Pratt & Whitney to develop Advanced Variable Speed Power Turbine for Army rotorcraft
EAST HARTFORD, Conn., 28 Nov. 2012. Pratt & Whitney, a unit of United Technologies Corp. (NYSE:UTX), won a U.S. Army contract to research and develop an Advanced Variable-Speed Power Turbine (AVSPOT) able to meet the range and lift requirements for current and future force rotorcraft.
EAST HARTFORD, Conn., 28 Nov. 2012.Pratt & Whitney, a unit of United Technologies Corp. (NYSE:UTX), won a U.S. Army contract to research and develop an Advanced Variable-Speed Power Turbine (AVSPOT) able to meet the range and lift requirements for current and future force rotorcraft.
The goal of the AVSPOT program, an initiative of the U.S. Army's Aviation Applied Technology Directorate in collaboration with NASA, is to develop turbine technology that improves the performance, efficiency, and affordability of rotorcraft engines. The aim is to validate that technology in a laboratory environment by 2016.
Pratt & Whitney engineers are setting out to develop a power turbine that enables future medium and large rotorcraft to hover at up to 10,000 feet and cruise at altitudes up to 25,000 feet, while also maintaining high operating efficiency. Additionally, AVSPOT is intended to enable rotorcraft to optimize power turbine speed in the range of 55-105 percent (current state-of-the-art power turbines operate in the 95-105 percent speed range), while optimizing fuel consumption, cost, weight, and durability.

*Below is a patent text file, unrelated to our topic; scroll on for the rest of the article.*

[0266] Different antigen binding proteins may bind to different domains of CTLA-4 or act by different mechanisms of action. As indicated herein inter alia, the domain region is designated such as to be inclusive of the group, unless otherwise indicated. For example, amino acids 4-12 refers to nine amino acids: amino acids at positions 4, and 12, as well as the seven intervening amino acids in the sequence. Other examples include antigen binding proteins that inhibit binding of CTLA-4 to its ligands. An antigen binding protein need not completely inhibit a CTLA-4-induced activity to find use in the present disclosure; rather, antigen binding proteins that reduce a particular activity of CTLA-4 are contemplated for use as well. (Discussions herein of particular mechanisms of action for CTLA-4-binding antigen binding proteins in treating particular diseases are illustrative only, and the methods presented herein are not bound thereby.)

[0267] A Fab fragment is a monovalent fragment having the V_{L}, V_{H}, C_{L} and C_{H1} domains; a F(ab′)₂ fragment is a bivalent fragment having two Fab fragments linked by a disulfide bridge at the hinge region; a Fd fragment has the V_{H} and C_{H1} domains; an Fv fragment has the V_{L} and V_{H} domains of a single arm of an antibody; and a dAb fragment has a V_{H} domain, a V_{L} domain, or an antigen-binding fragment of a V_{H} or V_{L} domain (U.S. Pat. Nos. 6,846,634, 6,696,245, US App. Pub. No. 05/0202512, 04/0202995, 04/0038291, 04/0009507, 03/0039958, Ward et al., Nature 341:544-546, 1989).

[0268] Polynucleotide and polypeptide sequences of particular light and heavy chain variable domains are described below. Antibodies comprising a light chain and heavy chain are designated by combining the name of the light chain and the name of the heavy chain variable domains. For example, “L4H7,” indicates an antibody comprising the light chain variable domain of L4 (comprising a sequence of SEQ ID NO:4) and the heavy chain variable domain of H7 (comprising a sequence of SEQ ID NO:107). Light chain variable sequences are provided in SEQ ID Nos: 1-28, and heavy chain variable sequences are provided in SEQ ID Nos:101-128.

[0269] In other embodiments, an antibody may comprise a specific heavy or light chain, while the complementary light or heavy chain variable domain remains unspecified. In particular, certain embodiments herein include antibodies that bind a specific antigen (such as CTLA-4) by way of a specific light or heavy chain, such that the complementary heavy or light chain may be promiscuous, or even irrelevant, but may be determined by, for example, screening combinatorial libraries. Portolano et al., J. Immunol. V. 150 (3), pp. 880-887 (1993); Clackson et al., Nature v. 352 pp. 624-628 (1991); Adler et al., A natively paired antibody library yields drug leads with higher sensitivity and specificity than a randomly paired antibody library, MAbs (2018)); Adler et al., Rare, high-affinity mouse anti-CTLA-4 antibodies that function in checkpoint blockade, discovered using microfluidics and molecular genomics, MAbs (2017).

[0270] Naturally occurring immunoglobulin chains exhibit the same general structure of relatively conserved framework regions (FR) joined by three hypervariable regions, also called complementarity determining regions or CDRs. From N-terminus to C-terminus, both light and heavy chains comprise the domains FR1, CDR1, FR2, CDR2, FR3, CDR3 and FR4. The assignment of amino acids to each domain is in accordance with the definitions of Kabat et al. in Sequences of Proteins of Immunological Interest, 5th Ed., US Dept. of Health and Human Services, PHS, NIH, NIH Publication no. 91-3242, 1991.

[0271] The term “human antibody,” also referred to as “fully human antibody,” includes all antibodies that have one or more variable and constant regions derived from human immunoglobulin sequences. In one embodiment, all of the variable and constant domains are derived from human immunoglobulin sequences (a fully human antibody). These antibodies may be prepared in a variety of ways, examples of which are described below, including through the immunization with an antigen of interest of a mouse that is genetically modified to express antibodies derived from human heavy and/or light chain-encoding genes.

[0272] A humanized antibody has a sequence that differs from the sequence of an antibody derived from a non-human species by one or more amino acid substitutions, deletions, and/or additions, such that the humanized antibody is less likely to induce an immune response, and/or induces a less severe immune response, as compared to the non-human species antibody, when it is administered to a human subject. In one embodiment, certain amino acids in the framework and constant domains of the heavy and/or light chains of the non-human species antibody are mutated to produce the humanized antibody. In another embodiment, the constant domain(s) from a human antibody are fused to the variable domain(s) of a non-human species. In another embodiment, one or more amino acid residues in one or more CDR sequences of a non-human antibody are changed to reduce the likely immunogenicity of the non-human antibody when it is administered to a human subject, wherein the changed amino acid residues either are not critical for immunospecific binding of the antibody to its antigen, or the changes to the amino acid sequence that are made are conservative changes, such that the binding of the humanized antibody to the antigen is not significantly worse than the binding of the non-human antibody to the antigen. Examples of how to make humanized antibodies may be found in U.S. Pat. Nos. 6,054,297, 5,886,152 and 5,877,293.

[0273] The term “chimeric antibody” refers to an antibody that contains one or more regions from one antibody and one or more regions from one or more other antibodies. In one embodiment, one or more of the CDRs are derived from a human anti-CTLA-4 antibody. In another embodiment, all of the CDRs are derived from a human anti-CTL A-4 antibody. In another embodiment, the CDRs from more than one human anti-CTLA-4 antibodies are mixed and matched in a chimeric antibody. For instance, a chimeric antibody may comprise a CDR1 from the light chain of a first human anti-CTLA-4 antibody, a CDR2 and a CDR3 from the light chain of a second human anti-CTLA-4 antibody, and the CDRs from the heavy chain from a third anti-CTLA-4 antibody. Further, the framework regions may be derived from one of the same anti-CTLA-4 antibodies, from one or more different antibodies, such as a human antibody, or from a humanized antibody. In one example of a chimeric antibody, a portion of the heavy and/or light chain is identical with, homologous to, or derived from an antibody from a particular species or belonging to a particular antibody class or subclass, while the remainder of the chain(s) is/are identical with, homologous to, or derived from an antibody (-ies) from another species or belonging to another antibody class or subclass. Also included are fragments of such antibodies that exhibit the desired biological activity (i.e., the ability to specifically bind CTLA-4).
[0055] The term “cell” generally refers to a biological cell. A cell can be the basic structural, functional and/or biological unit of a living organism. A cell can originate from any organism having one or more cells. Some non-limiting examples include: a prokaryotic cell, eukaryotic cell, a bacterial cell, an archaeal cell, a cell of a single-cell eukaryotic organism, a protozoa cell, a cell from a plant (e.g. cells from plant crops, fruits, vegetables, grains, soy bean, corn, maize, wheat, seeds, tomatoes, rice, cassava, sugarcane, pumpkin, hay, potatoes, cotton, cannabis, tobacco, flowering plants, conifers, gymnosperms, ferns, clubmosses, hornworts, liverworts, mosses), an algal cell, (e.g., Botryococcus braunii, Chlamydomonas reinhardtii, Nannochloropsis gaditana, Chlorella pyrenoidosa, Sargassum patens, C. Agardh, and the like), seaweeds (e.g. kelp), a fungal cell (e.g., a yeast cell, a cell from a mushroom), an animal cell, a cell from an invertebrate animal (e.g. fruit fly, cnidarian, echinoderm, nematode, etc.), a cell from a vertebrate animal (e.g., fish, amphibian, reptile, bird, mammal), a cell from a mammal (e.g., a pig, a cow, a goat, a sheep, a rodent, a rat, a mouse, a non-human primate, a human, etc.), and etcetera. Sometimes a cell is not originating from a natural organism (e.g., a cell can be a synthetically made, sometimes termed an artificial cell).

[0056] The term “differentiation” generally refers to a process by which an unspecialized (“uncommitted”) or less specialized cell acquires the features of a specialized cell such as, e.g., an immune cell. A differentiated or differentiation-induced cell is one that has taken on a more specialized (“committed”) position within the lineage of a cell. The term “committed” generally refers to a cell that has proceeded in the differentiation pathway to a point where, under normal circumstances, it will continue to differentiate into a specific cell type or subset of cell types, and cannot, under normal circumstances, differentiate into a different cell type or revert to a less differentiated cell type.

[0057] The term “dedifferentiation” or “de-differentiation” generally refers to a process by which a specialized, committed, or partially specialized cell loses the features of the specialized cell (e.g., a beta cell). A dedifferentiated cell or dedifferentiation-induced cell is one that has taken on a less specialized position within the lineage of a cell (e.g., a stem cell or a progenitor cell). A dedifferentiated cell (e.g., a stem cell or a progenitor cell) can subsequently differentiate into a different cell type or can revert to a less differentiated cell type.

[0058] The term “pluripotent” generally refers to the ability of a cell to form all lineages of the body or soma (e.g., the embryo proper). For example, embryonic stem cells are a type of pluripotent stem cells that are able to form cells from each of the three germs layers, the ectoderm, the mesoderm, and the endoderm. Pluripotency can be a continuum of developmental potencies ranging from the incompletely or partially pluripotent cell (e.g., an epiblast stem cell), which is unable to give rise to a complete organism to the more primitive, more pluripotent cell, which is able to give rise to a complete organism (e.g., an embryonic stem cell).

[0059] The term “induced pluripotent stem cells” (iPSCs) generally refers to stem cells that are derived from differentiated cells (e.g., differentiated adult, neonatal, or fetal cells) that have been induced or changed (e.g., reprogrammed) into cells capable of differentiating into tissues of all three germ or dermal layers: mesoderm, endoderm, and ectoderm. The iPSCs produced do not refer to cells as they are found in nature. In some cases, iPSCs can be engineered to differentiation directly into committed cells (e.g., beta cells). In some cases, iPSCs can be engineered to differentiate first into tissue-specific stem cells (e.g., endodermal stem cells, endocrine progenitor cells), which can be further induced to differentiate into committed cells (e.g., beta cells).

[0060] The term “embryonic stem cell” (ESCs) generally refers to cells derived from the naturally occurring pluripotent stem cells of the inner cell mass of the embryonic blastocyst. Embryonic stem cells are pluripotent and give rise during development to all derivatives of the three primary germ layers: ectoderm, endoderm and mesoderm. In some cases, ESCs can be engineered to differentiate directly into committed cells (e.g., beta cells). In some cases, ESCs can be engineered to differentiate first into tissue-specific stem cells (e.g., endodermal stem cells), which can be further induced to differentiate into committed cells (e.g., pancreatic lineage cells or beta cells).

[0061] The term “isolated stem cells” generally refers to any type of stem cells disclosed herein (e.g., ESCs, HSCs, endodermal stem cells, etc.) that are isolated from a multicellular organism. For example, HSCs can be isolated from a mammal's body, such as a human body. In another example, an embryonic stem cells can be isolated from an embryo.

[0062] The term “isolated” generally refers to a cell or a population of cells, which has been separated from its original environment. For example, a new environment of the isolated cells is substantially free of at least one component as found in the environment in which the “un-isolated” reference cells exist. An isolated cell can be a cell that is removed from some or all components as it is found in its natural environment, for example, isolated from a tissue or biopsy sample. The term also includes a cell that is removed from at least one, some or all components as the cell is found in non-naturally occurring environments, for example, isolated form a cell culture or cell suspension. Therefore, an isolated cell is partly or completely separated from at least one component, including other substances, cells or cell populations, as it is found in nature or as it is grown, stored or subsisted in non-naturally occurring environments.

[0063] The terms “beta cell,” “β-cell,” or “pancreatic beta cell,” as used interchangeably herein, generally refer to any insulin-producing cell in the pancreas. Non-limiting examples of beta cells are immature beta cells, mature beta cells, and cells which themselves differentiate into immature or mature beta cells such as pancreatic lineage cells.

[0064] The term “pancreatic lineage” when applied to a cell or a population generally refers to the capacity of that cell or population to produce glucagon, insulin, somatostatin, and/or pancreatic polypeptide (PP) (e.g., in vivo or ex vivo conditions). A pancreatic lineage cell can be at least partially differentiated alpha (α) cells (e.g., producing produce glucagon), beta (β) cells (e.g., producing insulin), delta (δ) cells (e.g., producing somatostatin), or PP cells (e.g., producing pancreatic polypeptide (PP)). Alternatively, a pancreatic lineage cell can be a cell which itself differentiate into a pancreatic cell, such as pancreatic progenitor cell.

"We're confident we will be able to meet the mission profile requirements needed for future rotorcraft engines," says Annette Jussaume, general manager, Small Military Engines. "We have the technology know-how that will allow us to develop an efficient high-power turbine that can operate over a wide range of engine speeds."
Enabling higher power and rotor speed for takeoff and climb, and also slower optimized rotor speed at cruise presents a significant challenge. To this end, Pratt & Whitney engineers are taking a technological tack that reduces the speed of the power turbine while optimizing its efficiency.